Truthfully, when I look back at the string of posts in the picket fence of this daily blog, I fail to see the overall map of it in any semblance of pattern or order.  Honestly, I did not set out to be purposefully wacky.

I did, however, set out to be purposefully surreal.  I mean it, I consciously put bizarrely dissimilar things together in an attempt to find parallels and connections  in unlike things because, not only is it funny and surprising, but is a comic act that serves to keep the mind nimble and never numb.  I do think quite a lot.  And I try to see connections between things where others wouldn’t.  For instance, the Coppertone girl with her bare butt and Bullwinkle with his unicycle are both being threatened in a way that is both comic, and taking advantage of their inherent image of innocence.  Neither will lose anything by it.  The girl stands to brown her pale white behind in the sun, while Bullwinkle will probably land on his head and it will make a decent cushion to preserve him because of it’s empty and rubbery qualities.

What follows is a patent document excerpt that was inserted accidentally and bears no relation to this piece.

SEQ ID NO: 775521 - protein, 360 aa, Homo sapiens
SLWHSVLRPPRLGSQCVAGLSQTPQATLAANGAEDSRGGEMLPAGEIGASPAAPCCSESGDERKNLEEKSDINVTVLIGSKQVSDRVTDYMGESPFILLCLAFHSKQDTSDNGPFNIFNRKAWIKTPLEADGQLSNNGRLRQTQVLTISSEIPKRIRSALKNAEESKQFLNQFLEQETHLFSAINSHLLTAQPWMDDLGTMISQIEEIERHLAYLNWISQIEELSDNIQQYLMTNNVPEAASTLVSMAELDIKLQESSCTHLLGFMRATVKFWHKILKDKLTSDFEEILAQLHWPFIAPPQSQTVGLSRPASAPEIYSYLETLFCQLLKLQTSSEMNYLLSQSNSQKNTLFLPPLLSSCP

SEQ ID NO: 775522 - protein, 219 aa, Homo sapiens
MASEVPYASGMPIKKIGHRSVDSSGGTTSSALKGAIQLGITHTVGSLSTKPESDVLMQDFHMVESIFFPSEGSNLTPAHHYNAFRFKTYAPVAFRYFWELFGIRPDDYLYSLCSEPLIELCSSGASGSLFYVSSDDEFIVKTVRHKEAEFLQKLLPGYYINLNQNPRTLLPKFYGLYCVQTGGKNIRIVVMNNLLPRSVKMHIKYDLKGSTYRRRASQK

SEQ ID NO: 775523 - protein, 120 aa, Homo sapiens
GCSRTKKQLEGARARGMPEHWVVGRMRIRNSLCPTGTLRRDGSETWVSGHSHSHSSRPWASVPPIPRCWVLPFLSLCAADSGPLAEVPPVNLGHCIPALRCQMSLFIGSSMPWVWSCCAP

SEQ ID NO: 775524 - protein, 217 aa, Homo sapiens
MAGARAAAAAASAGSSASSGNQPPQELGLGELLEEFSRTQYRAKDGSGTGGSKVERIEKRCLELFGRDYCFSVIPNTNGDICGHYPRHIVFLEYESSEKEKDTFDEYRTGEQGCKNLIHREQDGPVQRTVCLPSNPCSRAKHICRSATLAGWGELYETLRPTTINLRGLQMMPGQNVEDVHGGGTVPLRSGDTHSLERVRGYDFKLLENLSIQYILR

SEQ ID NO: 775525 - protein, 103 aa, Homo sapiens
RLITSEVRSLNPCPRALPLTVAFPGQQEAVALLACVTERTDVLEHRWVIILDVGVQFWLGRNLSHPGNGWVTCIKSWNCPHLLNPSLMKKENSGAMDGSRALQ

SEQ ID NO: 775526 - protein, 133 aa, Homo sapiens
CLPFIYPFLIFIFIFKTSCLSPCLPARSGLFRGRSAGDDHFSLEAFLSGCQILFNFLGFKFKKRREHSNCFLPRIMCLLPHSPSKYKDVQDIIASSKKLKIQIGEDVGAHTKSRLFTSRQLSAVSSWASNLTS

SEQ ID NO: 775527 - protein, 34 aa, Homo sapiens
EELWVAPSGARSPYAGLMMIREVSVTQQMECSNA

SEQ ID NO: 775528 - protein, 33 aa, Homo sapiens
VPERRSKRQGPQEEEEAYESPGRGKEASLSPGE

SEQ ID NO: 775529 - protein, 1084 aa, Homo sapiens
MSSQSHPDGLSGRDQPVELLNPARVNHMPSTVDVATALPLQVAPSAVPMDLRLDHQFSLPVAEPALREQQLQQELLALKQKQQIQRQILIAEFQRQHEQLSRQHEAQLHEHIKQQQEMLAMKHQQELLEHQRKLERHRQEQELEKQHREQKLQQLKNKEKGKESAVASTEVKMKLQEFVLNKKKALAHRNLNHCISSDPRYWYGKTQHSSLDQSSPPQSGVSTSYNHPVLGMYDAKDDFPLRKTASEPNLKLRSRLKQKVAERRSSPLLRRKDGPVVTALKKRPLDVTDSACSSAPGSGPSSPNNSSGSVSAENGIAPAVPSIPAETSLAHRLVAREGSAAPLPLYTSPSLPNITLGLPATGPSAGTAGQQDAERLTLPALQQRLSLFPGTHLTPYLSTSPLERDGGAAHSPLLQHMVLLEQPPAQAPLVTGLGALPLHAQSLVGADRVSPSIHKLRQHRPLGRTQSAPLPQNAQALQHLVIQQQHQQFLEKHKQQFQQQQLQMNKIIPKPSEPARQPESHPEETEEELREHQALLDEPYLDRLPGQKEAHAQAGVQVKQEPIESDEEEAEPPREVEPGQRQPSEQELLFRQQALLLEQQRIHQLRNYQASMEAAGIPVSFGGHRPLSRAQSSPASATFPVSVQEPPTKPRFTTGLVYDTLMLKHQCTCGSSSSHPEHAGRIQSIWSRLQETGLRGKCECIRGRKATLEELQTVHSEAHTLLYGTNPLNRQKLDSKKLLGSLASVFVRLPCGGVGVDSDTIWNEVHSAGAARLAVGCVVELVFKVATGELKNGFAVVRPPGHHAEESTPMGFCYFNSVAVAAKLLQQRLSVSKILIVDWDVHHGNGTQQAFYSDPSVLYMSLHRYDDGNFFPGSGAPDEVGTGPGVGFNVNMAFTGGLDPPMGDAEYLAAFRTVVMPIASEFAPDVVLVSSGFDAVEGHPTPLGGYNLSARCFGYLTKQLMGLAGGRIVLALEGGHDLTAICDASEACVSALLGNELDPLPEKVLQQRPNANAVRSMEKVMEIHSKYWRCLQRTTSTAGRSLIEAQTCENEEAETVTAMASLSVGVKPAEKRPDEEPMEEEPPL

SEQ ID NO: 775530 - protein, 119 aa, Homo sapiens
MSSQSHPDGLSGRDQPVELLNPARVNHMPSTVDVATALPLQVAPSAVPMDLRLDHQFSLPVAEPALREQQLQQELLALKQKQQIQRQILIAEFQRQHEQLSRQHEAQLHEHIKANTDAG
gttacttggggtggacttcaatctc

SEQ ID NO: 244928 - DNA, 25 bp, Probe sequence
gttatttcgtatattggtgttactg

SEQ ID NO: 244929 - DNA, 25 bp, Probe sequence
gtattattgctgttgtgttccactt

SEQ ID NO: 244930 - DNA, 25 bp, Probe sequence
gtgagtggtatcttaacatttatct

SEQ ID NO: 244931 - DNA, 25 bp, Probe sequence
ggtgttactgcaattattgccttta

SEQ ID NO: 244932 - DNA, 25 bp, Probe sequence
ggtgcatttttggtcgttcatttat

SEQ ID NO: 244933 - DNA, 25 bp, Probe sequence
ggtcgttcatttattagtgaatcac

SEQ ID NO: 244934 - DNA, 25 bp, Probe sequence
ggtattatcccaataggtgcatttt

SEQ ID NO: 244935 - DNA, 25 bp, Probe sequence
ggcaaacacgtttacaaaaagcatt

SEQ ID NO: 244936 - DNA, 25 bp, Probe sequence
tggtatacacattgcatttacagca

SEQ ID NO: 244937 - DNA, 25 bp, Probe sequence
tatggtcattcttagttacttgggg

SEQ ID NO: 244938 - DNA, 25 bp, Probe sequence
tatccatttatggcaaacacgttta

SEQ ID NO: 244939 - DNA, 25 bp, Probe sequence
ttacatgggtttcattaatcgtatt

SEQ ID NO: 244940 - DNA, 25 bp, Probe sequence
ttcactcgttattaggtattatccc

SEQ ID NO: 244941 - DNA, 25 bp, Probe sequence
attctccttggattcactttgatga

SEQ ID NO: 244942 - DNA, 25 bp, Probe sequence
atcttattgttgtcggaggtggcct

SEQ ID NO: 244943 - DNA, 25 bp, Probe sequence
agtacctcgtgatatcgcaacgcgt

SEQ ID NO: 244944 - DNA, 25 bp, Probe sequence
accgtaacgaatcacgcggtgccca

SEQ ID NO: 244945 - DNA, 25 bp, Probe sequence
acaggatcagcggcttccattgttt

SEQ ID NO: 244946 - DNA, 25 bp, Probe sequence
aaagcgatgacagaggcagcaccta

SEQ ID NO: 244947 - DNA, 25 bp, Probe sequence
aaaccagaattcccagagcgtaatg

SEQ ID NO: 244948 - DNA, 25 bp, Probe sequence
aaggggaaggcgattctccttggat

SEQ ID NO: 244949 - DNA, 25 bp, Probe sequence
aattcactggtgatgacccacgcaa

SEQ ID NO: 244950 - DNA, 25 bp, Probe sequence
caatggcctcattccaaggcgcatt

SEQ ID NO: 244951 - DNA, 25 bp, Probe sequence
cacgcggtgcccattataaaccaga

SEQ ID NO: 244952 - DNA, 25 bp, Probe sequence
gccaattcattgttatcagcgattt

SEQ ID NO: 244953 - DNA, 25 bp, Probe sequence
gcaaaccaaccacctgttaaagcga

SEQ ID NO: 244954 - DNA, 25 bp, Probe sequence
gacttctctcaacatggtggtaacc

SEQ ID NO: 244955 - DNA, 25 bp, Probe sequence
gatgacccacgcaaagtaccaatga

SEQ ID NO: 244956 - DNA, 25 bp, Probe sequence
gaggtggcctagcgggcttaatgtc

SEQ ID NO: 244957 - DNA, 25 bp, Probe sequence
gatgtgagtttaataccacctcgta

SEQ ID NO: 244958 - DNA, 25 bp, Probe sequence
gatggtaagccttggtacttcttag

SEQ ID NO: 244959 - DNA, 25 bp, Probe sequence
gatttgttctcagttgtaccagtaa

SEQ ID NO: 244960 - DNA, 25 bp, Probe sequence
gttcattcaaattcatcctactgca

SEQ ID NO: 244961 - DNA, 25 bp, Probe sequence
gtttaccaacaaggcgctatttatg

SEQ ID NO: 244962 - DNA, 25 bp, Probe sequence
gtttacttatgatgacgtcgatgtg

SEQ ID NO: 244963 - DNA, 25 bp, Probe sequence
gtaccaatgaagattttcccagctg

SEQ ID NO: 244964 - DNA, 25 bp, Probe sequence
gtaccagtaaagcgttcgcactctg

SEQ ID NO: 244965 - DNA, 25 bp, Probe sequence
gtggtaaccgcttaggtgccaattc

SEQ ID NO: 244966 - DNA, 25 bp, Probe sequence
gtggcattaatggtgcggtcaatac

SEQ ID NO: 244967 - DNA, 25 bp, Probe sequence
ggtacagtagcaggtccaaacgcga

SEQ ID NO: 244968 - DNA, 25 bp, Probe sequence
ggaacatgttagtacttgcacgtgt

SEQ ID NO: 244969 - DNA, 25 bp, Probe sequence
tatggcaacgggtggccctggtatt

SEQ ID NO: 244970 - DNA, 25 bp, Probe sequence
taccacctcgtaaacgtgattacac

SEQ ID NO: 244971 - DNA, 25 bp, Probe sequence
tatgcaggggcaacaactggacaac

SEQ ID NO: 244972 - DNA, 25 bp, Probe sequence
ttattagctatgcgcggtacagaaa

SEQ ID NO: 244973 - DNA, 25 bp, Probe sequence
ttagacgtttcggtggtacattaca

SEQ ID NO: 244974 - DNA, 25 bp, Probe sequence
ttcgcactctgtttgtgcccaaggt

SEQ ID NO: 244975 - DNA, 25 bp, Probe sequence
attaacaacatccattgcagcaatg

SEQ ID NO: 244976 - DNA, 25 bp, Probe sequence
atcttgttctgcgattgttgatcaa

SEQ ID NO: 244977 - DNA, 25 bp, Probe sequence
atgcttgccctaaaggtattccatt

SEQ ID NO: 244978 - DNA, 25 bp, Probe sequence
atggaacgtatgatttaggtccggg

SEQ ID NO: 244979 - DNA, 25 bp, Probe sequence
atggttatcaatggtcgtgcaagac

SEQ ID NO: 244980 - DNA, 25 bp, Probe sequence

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Pie makes everything better.  MMMM!  Pie!

I must also admit to a bit of the old telling of stretchers, the misrepresentation of the truth, the loquacious layer-onner of lies.  Not Trumpian lies that land on you like elephants dropping like bombs out of B-52’s.  Little fictions that entertain and elucidate.  It is the most likely reason I keep saying connecting words and phrases like “truthfully” and “honestly” and “I mean it”.  Those are words that liars love.